• Calhoun, Craig; Gerteis, Joseph; Moody, James; Pfaff, Steven; and Indermohan Virk. (2007) Classical Sociological Theory, 2nd. ed. Blackwell.
  • Calhoun, Craig. (2007) Sociology in America: A History. University of Chicago Press.
  • Calhoun, Craig; Rojek, Chris; and Turner, Bryan. (2006) Sage Handbook of Sociology. Sage Publications.
  • Calhoun, Craig. (2005) Lessons of Empire: Imperial Histories and American Power. New Press.
  • Calhoun, Craig; Price, Paul; and Timmer; Ashley. (2002) Understanding September 11. The New Press.
  • Calhoun, Craig. (2002) Dictionary of the Social Sciences. Oxford University Press.
  • Calhoun, Craig, and McGowan John. (1997) Hannah Arendt and the Meaning of Politics. University of Minnesota Press.
  • Calhoun, Craig. (1994) Social Theory and the Politics of Identity. Wiley Blackwell. ISBN 9781557864734
  • Calhoun, Craig; LiPuma, E.; and Postone; M. (1993) Bourdieu: Critical Perspectives. Cambridge: Polity Press and Chicago: University of Chicago Press.
  • Calhoun, Craig. (1992) Habermas and the Public Sphere. Cambridge, MA: MIT Press.ISBN 9780262531146
  • Calhoun, Craig; Scott, W.R.; and Meyer, M. (1990) Structures of Power and Constraint: Essays in Honor of Peter M. Blau. Cambridge and New York: Cambridge University Press.
  • Calhoun, Craig and Ianni, F. A. J. (1976) The Anthropological Study of Education. The Hague: Mouton, and Chicago: Aldine.


  1. ^ a b "Craig J Calhoun - NYU Sociology". NYU Department of Sociology. Retrieved October 22, 2016.
  2. ^ Calhoun, Craig (1980). Community, Class and Collective Action: Popular Protest in Industrializing England and the Theory of Working Class Radicalism (DPhil thesis). Oxford: University of Oxford. Retrieved October 22, 2016.
  3. ^ "Community, class and collective action: popular protest in industrializing England and the theory of working-class radicalism". Institute of Historical Research (IHR) Online. Archived from the original on October 23, 2016. Retrieved October 22, 2016.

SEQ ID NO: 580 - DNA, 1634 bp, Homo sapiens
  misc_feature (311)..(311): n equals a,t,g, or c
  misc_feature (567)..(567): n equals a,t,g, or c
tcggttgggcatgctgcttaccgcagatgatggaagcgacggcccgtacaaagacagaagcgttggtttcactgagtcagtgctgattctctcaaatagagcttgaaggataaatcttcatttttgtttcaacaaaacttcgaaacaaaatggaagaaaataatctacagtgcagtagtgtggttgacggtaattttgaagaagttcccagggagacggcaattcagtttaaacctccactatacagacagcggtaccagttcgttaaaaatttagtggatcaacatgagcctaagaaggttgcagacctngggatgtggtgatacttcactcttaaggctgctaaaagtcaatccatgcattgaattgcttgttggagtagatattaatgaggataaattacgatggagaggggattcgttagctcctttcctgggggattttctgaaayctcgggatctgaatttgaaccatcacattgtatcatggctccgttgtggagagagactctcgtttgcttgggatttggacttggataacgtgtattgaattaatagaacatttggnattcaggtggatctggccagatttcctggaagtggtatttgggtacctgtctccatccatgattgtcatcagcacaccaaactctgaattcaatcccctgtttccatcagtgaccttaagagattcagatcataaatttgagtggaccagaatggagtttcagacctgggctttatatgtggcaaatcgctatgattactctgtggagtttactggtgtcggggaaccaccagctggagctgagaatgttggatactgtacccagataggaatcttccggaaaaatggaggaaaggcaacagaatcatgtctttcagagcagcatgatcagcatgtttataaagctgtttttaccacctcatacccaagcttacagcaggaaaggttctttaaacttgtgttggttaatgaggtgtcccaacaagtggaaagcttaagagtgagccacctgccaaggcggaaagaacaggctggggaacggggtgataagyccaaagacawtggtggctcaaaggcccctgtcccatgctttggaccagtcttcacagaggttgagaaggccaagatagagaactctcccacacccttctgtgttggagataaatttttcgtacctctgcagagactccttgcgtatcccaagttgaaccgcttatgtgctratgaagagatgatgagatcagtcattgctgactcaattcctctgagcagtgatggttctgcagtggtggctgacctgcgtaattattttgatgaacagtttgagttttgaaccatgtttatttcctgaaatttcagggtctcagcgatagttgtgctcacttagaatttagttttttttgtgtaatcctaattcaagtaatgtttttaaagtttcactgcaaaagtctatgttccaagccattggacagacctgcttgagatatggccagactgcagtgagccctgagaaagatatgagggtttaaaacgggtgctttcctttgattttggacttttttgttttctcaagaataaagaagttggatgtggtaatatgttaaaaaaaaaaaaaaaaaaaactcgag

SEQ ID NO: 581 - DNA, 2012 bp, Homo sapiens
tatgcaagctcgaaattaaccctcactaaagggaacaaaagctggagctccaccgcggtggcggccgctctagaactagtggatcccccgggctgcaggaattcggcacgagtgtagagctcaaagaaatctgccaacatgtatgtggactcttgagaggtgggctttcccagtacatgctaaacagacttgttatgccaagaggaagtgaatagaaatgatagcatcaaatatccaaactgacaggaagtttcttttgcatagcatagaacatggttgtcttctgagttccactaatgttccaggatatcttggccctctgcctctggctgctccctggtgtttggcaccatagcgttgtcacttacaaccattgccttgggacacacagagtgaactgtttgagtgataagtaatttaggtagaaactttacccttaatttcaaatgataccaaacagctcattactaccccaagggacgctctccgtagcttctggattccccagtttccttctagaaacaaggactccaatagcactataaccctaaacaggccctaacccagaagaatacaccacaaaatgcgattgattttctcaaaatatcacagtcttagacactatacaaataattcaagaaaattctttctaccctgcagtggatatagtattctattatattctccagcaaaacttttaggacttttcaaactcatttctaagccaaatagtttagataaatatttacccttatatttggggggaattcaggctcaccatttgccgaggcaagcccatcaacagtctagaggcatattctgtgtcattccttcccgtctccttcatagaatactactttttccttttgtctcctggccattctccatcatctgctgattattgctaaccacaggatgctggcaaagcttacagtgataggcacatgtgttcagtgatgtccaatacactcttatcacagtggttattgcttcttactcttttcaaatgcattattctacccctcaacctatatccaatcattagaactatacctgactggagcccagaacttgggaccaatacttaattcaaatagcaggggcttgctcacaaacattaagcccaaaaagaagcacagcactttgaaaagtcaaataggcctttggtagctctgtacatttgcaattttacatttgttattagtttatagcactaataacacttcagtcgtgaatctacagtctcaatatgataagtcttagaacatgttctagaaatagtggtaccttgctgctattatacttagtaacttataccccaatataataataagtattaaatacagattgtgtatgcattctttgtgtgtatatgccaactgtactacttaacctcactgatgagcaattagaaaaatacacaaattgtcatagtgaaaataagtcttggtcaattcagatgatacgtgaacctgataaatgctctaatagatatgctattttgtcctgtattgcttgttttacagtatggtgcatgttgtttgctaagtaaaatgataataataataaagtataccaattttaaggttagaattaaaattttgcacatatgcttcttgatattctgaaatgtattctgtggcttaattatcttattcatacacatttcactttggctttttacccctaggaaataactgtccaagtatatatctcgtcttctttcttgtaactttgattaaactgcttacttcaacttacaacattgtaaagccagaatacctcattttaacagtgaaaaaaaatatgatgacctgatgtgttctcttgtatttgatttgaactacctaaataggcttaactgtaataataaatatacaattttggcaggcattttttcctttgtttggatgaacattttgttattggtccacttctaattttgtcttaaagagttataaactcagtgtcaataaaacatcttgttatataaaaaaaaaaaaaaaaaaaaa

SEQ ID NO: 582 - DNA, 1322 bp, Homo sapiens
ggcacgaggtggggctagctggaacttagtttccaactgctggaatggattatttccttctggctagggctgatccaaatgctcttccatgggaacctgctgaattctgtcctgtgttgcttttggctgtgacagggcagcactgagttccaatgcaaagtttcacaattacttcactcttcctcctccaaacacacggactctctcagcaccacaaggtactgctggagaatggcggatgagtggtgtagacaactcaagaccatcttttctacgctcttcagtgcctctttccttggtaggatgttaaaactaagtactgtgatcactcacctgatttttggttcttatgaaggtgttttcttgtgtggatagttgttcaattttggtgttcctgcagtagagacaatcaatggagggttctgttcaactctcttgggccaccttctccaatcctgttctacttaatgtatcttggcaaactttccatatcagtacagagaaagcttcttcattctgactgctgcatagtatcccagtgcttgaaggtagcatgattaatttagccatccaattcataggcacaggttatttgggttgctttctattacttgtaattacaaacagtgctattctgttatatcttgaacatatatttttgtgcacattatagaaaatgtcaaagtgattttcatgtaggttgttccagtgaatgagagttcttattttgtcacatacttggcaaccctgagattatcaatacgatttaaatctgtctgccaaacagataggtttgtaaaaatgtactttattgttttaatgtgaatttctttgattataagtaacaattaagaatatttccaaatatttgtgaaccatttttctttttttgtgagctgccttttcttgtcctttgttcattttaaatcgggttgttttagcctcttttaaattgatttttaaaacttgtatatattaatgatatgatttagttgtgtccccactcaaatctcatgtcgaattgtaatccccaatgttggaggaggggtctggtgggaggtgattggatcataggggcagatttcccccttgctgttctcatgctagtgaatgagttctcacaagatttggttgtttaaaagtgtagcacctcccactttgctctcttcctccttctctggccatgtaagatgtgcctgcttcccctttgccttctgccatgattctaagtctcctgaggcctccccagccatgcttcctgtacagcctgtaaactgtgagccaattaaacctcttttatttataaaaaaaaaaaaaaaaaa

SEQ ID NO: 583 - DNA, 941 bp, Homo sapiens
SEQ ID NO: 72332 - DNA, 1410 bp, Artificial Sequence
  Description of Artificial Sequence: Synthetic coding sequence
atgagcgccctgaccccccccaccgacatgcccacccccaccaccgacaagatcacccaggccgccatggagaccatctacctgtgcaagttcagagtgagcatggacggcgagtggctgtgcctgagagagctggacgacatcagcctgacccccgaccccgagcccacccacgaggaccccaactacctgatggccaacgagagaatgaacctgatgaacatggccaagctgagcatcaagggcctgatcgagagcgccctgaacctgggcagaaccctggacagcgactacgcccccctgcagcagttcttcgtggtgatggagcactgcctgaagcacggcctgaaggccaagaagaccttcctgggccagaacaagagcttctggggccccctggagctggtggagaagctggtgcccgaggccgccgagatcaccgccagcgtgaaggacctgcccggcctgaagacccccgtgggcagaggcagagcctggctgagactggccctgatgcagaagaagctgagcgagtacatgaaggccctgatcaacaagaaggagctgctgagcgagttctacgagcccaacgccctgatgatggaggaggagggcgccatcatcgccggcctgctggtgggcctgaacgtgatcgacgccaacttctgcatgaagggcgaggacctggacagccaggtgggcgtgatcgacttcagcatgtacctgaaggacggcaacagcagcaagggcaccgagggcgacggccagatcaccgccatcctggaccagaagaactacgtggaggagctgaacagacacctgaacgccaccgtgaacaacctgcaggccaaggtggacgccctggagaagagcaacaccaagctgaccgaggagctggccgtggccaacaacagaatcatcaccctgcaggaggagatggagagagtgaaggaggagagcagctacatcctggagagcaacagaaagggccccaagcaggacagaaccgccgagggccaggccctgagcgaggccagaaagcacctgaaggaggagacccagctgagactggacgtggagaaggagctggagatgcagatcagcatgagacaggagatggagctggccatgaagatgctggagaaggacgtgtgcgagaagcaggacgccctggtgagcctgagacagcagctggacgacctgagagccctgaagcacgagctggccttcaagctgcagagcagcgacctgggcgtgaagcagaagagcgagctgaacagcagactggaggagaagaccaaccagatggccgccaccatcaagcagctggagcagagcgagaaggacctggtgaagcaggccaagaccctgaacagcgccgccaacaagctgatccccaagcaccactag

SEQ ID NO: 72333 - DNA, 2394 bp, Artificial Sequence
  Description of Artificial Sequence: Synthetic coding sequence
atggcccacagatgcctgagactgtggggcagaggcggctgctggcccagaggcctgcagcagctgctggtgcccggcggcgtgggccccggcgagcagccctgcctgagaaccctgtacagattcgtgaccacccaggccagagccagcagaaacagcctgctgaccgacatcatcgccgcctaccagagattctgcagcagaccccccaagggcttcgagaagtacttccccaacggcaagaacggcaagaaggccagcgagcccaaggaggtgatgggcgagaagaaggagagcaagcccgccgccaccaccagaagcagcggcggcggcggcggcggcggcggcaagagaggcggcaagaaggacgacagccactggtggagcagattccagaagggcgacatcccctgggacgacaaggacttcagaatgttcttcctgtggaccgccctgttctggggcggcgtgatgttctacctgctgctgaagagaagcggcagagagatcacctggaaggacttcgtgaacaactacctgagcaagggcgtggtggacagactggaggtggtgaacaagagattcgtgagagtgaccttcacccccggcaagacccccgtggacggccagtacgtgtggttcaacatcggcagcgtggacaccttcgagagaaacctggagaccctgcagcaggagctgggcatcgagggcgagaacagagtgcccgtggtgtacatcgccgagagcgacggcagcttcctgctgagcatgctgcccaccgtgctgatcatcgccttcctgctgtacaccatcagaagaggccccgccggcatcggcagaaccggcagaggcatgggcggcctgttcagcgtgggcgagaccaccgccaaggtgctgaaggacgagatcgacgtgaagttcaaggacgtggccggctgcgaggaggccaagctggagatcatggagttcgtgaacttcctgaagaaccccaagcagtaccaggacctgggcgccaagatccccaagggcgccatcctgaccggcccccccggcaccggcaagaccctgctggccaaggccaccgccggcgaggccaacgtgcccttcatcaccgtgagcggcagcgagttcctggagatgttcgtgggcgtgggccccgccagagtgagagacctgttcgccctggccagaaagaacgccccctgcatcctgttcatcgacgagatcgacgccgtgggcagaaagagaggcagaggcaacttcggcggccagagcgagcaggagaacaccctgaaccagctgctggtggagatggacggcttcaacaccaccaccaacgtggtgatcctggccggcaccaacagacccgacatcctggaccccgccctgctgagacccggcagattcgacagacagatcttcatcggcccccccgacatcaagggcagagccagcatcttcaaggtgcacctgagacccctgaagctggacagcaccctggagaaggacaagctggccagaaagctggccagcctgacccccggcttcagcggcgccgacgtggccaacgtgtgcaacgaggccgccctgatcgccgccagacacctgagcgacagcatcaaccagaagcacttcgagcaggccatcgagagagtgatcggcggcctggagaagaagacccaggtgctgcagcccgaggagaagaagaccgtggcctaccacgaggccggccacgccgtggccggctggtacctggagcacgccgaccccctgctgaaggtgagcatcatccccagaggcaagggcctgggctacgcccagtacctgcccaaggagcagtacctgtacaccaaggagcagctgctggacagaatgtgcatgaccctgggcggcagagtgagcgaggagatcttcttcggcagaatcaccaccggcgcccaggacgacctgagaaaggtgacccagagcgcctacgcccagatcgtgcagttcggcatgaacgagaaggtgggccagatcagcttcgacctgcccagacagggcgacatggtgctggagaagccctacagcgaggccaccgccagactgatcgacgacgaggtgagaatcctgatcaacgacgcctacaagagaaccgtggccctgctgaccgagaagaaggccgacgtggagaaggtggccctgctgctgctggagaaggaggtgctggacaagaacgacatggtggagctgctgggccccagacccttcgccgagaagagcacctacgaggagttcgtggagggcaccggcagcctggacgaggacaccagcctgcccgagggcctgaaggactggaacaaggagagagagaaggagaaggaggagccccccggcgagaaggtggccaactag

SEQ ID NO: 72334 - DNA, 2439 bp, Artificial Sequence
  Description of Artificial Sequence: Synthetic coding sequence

4. ^ Gardels, Nathan (2016-02-04). "London School of Economics Chief to Run Berggruen Institute". HuffPost. Retrieved 2019-04-22.
  5. ^ a b Porter, Aaron (1 December 2011). "LSE's Professor Craig Calhoun and mature students: first or fail?". The Guardian. London. Retrieved 16 August 2012.
  6. ^ a b Calhoun, Craig Jackson (2013). "Curriculum Vitae". Retrieved 19 May 2019.
  7. ^ Thompson, Jennifer (February 3, 2016). "LSE president to leave post early for US". The Financial Times. Retrieved April 21, 2019.
  8. ^ "Sudan expels UN agency chief". Al Jazeera. April 9, 2014. Retrieved October 22, 2016.
  9. ^ Calhoun, Craig Jackson (2004). "Towards a More Public Social Science". Social Science Research Council. Retrieved 10 September 2017.
  10. ^ "Big pay rises for Russell Group chiefs in £9K fees era". 2 January 2014.
  11. ^ "Meet the new breed of fat cat: The university vice-chancellor | Aditya Chakrabortty". 3 March 2014.
  12. ^ Garner, Richard (2 January 2014). "The academic fat cats: Vice-chancellors at Britain's top universities get £22,000 pay rises – as lecturers are stuck on 1 per cent". The Independent. London.
  13. ^ "Calhoun Comfortably Compensated |". Archived from the original on 2014-03-05. Retrieved 2014-03-05.
  14. ^ Burns, Judith (2015-09-15). "London keeps top university city title". Retrieved 2019-04-22.
  15. ^ "LSE Asks for 'Further Work' To Be Done on Shortlisted Designs". ArchDaily. 2013-11-08. Retrieved 2019-04-22.
  16. ^ "LSE director Craig Calhoun to step down". Times Higher Education (THE). 2015-12-18. Retrieved 2019-04-22.
  17. ^ The Daily Telegraph
  18. ^ Bennett, Rosemary. "London School of Economics spent thousands on farewell gifts for director".
  20. ^ "Craig Calhoun, former president of London School of Economics and Political Science, joins ASU". ASU Now: Access, Excellence, Impact. 2018-07-05. Retrieved 2019-04-22.
  21. ^ "APS Member History". Retrieved 2021-03-19.
  22. ^ "New Fellows Announced". Academy of Social Sciences. March 2015. Retrieved 5 August 2017.
  23. ^ "Professor Craig Calhoun". British Academy. Retrieved 5 August 2017.

External links[edit]

Academic offices
Preceded by Director of the London School of Economics
Succeeded by